Attend any meeting with middle and senior management and you’ll quickly become accustomed to the sound of vibrating handhelds like the RIM two-way messaging device Blackberry as incoming e-mail messages literally fill the air. Many users lament that, although liberating in one sense, such devices still keep you tethered to your desk: you always seem to be working, up to 24 hours a day.
Despite the drawbacks, however, many users are quite attached to their handhelds to the point that new colloquial expressions are becoming common. Here’s are a few targeted at the Blackberry:
• Crackberry. Refers to the addictive nature of Blackberry (and other handheld devices).
• The Blackberry prayer. The subtle bowing pose of Crackberry addicts as they surreptitiously use their handhelds during meetings
• Blackberry thumb. A condition caused by overuse of Blackberries or similar handhelds, in which users experience strained thumbs from repetitive and excessive typing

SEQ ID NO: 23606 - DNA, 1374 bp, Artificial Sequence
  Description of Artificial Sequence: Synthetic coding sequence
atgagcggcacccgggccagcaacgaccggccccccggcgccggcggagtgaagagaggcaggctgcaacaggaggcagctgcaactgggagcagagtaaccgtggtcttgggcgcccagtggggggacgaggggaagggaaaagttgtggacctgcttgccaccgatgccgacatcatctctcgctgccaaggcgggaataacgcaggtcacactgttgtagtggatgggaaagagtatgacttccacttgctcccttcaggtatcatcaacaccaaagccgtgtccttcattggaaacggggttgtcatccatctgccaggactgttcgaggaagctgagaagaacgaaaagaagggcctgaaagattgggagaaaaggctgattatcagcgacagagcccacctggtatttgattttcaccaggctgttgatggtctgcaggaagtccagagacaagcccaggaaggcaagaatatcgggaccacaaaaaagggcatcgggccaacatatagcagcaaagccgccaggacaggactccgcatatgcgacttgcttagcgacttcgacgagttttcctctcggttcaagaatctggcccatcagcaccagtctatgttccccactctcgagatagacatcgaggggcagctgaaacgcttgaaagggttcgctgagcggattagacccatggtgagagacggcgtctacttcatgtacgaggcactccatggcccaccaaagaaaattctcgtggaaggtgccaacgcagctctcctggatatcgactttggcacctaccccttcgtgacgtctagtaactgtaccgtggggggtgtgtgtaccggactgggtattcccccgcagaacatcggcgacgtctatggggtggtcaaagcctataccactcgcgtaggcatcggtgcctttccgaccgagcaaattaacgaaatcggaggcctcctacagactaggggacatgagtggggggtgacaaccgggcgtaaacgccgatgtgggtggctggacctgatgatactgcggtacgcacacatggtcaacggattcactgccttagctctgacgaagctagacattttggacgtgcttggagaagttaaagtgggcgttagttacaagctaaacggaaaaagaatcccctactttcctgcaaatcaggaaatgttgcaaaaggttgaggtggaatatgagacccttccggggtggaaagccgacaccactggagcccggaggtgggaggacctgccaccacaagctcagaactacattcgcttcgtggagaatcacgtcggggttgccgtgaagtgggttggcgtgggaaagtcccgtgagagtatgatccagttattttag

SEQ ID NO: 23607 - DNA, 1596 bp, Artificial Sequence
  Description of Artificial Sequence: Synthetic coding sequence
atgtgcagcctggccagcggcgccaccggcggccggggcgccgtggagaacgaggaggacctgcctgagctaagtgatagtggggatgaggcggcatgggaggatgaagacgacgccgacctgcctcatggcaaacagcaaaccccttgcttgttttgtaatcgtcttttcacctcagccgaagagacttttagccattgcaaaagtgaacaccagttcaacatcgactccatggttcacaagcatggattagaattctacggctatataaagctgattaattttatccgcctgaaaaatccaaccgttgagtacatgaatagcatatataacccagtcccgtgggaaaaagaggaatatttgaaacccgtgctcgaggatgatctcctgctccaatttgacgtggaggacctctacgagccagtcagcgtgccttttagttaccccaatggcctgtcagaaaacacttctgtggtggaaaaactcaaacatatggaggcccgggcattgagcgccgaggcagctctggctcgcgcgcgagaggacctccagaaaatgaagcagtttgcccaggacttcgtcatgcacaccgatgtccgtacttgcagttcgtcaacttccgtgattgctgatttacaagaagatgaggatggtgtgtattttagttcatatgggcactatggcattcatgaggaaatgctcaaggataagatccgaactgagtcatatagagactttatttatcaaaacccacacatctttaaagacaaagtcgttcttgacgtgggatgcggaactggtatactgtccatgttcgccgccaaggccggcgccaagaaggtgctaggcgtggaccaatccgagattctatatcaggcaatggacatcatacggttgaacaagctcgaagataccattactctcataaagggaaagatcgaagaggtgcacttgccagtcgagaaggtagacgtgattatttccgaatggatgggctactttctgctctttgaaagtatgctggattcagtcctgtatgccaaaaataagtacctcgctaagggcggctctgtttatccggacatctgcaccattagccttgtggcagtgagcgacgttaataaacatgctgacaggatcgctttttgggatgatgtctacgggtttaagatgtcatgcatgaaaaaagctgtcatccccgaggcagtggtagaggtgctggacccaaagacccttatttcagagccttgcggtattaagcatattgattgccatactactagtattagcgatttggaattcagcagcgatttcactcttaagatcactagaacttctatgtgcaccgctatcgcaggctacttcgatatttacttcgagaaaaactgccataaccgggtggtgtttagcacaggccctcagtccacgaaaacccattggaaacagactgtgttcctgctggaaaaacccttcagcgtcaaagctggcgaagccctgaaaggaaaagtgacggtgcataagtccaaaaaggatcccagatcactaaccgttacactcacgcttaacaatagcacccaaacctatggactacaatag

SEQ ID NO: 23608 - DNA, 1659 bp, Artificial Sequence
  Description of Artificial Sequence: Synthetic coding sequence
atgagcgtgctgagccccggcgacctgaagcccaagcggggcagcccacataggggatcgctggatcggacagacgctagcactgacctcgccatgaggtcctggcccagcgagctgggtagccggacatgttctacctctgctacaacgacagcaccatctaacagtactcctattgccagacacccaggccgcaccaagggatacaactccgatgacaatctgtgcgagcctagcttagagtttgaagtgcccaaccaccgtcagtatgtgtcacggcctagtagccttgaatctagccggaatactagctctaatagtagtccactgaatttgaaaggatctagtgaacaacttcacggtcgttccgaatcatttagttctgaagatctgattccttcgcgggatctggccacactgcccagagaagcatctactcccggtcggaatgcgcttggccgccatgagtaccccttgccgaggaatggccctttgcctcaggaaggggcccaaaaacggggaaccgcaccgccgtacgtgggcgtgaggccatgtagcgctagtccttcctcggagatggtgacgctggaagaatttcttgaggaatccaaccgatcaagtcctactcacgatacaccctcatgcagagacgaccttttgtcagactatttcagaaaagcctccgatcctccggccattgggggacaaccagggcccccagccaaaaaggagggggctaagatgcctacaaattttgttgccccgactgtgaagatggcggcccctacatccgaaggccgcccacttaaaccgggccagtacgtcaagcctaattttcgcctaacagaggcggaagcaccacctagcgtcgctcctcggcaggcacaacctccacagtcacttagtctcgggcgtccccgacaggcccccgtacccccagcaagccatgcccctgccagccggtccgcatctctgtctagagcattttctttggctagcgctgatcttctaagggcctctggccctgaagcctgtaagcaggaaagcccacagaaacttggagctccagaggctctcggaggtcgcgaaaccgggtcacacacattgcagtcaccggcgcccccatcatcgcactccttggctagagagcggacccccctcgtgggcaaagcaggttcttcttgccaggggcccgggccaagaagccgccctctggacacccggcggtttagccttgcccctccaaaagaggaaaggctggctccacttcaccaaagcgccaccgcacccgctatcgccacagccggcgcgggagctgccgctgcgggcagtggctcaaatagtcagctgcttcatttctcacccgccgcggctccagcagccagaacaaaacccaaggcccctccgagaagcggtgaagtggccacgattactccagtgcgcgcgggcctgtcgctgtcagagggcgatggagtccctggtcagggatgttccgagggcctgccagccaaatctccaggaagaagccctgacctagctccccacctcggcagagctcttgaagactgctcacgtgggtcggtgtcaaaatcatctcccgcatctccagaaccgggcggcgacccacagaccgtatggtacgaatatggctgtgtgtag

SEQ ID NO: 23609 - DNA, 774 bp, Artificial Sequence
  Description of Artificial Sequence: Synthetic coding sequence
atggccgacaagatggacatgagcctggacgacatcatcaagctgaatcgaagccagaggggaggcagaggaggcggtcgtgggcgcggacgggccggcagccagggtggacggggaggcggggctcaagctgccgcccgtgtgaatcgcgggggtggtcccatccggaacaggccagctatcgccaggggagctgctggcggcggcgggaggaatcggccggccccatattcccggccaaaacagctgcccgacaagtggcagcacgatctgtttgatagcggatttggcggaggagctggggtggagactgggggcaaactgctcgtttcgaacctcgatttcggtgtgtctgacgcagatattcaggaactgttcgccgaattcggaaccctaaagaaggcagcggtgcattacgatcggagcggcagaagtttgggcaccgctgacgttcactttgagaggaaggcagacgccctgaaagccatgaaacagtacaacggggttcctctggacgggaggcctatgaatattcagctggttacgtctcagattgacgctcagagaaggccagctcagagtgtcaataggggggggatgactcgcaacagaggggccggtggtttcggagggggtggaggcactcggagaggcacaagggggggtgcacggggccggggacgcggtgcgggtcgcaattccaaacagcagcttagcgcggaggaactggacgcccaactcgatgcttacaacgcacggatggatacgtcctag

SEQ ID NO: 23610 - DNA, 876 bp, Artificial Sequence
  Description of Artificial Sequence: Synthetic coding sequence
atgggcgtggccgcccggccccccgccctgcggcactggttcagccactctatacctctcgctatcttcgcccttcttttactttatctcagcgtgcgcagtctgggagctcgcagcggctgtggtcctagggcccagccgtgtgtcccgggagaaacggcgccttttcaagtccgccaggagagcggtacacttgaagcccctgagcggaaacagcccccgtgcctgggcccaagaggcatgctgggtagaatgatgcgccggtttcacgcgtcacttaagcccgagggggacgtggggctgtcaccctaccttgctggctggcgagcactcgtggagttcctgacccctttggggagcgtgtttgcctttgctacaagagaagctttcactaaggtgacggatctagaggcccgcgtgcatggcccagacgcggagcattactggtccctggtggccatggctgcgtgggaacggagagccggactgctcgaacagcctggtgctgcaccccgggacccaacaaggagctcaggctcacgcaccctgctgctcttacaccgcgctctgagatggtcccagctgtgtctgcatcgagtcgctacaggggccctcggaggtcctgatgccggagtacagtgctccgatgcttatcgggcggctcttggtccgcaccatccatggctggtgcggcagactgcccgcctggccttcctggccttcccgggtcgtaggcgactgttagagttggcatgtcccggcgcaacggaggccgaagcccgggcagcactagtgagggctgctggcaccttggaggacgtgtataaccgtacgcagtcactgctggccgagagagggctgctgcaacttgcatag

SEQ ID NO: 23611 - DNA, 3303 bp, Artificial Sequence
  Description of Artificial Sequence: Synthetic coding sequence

The sheer number of devices in use by various government organizations points to the need for greater control by IT executives. To the public sector senior manager, the policing that is perhaps most needed is in the distribution and use of mobile computing devices. Policy is required on two fronts: Investments and usage.
Federal departments have recently been directed to shave millions off of their IM/IT budgets as part of an expenditure review exercise. The process has led many to understand that they are maintaining a variety of tools that in many cases are performing the same function.
Consider the costs associated with mobile computing.
Rapid technology convergence challenges IT shops to keep abreast of changing technologies. Managers need to consider exactly what tools their mobile staff requires – and exactly who their mobile staff are.
Cell phone etiquette has gradually won over within government; seldom do cells interrupt meetings. How about handhelds? Senior managers should ask themselves how many times they have made presentations to an audience of bowed heads as people read, compose and send e-mail messages. Are these messages more important to these people than what you have to say?